Our Citizens Police Review Board was created a little more than two years ago to provide, in the words of the ordinance, “an external and independent process for review of actual or perceived police misconduct, thereby increasing police accountability to the community and community trust in the police.”
This week, in a series of votes on proposed changes to that ordinance, board members reaffirmed their independence. It was a performance worthy of applause.
Applause was in short supply the week before at a public hearing and work session. Board members heard criticism from left and right.
A series of speakers from the public urged the board to keep its distance from the police, often with the suggestion — and sometimes the outright charge — that it has been overly deferential to the police whose work it monitors.
David Tyson Smith, a lawyer involved in the campaign that led to the board’s creation, warned that “to change the ordinance would be to undermine Columbia democracy.”
Equally insistent on the importance of maintaining independence were Mary Ratliff, head of the local and state NAACP chapters, and John Schultz of the Libertarian Party.
Steve Calloway, a former Columbia School Board vice president and current president of the Minority Men’s Network, said the board should represent the “disenfranchised” and must itself remain open and accountable.
Of the eight board members present that evening, two are retired cops and one a former prosecutor. When I later looked at the annual report, I learned that of the 12 complaints adjudicated so far, seven decisions upheld the conclusion of the police chief, three were dismissed for various reasons and in only two cases has the board disagreed with the chief.
So what objections could the police possibly have? If you’ve followed the ongoing Missourian coverage, you know the answer: plenty.
From the very definition of misconduct to the issue of who has standing to file a complaint to the admittedly ticklish problem of open versus closed investigative records, Chief Ken Burton and the Columbia Police Officers Association found fault.
The chief grumbled that the board has conducted “mini-trials” and allowed too many complaints from people not directly involved in incidents.
CPOA's representatives worried about too much openness. One officer said, “We don’t feel like we’re always treated fairly.” The board has been too responsive to “a vocal minority,” she objected.
After a week of digesting all that, the board met Tuesday to respond to seven specific points of disagreement identified by Mayor Bob McDavid after he reviewed conflicting reports from the board and the police department.
It was a low-key meeting — so low that we listeners often had trouble making out what board members were saying to each other. Whatever it was, there were few signs of disagreement.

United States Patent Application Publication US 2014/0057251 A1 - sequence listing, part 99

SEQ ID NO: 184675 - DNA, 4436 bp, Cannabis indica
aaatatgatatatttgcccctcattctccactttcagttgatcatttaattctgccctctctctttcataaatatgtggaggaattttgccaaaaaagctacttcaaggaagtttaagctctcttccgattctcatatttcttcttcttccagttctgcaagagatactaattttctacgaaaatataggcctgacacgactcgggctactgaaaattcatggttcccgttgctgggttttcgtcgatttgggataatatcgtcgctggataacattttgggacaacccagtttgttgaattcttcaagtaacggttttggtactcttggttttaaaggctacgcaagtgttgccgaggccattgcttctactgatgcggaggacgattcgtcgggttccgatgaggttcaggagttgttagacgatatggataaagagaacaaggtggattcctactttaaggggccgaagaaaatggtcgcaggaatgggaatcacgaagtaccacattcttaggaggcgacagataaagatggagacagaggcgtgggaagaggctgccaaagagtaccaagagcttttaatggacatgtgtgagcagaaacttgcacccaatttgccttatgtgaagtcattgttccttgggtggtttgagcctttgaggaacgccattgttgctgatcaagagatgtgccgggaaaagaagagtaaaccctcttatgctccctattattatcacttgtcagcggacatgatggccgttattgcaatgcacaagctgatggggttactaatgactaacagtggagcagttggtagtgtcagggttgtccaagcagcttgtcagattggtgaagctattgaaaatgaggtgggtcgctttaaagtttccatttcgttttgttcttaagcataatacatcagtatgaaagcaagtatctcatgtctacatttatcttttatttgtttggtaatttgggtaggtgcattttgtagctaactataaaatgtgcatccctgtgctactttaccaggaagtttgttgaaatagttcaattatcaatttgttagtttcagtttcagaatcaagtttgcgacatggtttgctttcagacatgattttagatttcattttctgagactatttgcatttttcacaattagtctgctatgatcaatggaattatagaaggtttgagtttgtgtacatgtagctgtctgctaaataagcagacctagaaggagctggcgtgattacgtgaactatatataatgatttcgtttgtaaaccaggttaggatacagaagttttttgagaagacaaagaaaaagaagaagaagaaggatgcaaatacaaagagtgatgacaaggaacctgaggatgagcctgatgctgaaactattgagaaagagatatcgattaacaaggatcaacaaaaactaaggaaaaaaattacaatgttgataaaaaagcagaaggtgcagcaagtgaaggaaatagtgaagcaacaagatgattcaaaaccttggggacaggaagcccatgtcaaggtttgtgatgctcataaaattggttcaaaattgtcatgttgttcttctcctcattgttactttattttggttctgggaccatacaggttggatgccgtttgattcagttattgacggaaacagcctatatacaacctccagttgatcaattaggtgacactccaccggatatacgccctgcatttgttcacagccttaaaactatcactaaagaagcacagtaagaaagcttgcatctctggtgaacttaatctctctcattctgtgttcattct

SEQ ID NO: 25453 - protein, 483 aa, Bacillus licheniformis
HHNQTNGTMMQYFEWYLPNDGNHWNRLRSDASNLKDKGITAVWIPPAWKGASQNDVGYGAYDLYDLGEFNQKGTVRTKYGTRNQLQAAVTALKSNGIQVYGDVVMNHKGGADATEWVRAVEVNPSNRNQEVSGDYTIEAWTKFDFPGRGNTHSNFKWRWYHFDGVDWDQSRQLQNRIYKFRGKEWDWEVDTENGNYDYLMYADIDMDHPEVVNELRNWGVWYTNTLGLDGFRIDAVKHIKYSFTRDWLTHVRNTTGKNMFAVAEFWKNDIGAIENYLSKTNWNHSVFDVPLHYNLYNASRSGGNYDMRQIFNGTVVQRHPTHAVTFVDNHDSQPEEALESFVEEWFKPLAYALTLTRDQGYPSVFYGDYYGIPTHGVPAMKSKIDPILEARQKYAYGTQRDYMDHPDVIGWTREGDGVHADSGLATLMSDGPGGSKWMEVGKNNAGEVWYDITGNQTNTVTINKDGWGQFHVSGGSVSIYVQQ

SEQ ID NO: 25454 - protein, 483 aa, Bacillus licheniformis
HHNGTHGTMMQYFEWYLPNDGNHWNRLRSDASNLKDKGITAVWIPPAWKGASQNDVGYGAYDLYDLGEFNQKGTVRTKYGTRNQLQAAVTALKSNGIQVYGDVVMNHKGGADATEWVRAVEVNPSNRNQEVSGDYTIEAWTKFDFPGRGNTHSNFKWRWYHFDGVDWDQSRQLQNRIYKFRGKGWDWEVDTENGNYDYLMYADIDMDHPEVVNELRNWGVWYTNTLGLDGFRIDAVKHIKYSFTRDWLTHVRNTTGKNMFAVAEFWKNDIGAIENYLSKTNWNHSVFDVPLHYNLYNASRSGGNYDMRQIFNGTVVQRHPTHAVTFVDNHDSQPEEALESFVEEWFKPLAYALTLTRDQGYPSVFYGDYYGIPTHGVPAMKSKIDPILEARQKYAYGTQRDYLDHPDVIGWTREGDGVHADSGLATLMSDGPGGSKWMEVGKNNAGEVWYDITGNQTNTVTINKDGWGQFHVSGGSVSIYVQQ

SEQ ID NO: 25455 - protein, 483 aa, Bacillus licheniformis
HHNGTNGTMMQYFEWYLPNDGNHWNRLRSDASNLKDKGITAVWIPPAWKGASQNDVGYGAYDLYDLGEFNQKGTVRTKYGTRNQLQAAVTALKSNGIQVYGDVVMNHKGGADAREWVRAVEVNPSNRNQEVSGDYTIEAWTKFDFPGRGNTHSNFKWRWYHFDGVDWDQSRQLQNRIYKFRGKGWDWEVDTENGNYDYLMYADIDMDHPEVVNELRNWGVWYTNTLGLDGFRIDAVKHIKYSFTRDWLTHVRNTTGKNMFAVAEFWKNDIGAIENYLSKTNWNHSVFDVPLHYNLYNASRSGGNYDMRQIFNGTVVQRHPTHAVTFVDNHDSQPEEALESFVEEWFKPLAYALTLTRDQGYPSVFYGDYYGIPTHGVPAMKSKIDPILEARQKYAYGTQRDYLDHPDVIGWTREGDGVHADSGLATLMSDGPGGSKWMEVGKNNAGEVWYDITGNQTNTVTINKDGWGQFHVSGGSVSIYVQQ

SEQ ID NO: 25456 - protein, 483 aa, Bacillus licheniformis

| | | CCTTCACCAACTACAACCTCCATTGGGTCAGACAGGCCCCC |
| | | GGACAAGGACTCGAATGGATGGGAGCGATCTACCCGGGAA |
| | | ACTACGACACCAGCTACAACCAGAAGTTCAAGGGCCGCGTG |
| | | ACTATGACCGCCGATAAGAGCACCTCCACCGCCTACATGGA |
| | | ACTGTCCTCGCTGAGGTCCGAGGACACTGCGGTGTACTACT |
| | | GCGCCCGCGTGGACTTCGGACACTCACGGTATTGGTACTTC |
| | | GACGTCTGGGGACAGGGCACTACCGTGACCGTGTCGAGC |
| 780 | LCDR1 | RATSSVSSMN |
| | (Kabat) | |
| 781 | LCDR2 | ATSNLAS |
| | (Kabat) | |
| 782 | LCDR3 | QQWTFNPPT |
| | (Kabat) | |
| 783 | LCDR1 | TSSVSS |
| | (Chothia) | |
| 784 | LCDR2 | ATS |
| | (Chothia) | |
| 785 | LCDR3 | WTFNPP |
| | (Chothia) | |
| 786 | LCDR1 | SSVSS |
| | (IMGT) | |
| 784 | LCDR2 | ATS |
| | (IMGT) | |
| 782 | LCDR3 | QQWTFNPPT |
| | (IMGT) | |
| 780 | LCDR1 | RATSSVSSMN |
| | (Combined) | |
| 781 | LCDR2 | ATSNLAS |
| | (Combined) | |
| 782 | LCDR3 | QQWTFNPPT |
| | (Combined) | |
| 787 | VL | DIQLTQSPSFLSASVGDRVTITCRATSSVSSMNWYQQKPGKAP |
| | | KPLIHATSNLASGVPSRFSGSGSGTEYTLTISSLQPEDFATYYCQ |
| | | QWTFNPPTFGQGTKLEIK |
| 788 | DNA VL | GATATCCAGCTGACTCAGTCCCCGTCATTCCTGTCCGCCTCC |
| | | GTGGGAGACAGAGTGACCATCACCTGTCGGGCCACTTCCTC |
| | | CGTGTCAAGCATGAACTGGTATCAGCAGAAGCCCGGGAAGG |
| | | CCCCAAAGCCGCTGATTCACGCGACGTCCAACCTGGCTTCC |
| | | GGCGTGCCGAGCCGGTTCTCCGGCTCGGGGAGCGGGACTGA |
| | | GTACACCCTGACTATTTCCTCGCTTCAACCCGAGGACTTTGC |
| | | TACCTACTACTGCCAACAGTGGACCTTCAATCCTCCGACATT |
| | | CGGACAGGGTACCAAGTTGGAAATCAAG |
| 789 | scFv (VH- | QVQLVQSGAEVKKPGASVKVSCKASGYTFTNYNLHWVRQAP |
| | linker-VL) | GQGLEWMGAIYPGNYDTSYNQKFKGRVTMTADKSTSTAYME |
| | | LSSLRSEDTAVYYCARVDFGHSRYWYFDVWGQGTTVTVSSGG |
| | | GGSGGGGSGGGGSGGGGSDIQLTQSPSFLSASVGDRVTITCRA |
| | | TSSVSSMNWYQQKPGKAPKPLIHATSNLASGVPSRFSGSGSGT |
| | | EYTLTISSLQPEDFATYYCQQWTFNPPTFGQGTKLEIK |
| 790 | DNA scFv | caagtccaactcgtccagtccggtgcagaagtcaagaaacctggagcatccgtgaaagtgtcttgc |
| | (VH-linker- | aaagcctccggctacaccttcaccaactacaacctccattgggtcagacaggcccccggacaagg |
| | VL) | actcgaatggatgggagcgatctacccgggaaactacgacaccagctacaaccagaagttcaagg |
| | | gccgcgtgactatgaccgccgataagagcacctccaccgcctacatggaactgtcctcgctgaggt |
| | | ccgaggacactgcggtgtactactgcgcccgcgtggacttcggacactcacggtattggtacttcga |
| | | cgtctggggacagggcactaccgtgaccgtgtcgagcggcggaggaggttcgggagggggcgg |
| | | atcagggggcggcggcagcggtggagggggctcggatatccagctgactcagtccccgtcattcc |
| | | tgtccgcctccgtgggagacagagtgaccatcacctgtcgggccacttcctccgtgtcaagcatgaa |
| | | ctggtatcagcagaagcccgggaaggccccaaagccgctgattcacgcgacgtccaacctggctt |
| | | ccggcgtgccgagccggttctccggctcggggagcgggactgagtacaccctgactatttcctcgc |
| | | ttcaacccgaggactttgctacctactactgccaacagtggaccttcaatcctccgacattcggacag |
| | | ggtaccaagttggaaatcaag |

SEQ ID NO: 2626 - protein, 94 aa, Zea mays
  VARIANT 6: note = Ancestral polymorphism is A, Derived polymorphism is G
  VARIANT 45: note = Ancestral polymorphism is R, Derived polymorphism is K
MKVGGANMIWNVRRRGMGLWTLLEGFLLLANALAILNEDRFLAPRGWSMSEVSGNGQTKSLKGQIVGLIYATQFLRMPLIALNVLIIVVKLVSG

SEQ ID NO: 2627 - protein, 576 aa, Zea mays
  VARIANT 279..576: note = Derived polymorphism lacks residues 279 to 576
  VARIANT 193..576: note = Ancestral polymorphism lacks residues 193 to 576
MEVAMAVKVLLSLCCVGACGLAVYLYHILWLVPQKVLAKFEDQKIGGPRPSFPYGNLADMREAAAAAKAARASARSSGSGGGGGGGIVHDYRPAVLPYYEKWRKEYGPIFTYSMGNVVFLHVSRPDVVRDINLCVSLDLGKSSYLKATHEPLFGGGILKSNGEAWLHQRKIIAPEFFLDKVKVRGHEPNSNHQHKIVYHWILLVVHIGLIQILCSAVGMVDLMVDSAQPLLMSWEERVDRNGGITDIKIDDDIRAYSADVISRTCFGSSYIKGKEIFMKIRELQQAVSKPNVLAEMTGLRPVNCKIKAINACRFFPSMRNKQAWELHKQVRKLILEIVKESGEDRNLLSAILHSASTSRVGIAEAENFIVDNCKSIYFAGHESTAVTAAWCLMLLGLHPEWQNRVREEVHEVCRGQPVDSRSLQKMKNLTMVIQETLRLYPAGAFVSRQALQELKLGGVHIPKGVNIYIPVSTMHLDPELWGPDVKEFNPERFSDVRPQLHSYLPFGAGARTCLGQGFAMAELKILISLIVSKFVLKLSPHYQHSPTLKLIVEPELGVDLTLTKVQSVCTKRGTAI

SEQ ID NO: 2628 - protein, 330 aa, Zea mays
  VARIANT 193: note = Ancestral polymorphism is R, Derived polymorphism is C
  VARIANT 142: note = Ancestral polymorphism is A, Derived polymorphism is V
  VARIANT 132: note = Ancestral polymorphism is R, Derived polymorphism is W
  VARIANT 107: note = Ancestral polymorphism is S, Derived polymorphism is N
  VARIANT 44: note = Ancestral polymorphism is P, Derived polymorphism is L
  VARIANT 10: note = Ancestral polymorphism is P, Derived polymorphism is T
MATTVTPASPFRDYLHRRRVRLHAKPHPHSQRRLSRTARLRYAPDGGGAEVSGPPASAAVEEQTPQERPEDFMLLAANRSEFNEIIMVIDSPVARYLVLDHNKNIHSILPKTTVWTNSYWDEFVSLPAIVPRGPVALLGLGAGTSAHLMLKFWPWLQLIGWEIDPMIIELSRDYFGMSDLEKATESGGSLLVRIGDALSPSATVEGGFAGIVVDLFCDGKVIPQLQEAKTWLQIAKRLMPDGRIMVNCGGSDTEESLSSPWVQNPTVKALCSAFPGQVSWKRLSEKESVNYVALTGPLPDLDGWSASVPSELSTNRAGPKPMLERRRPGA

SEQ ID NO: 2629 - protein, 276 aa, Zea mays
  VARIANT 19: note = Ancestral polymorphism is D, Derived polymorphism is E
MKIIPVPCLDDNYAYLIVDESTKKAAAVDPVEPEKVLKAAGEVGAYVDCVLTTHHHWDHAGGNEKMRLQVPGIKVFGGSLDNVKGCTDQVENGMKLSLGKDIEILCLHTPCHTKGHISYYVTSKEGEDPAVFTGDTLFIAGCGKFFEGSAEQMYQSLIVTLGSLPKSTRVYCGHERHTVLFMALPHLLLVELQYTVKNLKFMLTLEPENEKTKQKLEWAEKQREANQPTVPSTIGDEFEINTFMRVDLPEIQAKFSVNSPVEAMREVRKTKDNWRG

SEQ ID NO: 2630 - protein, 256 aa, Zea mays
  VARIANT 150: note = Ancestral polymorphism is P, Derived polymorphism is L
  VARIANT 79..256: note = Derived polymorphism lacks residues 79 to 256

Unanimously, board members agreed on a definition of misconduct broader than the one preferred by the police.
Unanimously, they agreed to seek no change in the rules that govern who can file an appeal from a ruling by the chief. (In fact, after the very first case was inspired by a Californian, the City Council voted to restrict appeal to people involved in an incident, their representatives or Boone County residents generally. The police want to eliminate the latter category.)
Unanimously, they rejected any requirement of more training for board members.
Unanimously, they called for regular reports from the police internal affairs unit summarizing complaints and use of force investigations.
You see the pattern.
The only real split came on the issue of allowing closed meetings of the board. The vote was 5-3 in favor of allowing two-thirds of the board to vote to close a meeting. Voting to keep all sessions open were Betty Wilson, an attorney; retired deputy police chief Carroll Highbarger; and board chairman James Martin.
My bias is always in favor of openness, but I was almost persuaded by the hypothetical situations requiring closure. They included a possible complainant who had been sexually abused, a case involving a minor or one in which the officer was working undercover.
The board’s recommendations will now go to the mayor and council. Chief Burton and his officers aren’t likely to be pleased.
A police review board that isn’t external and independent wouldn’t be worth having. Ours remains, as it was intended to be, both.
George Kennedy is a former managing editor at the Missourian and professor emeritus at the Missouri School of Journalism.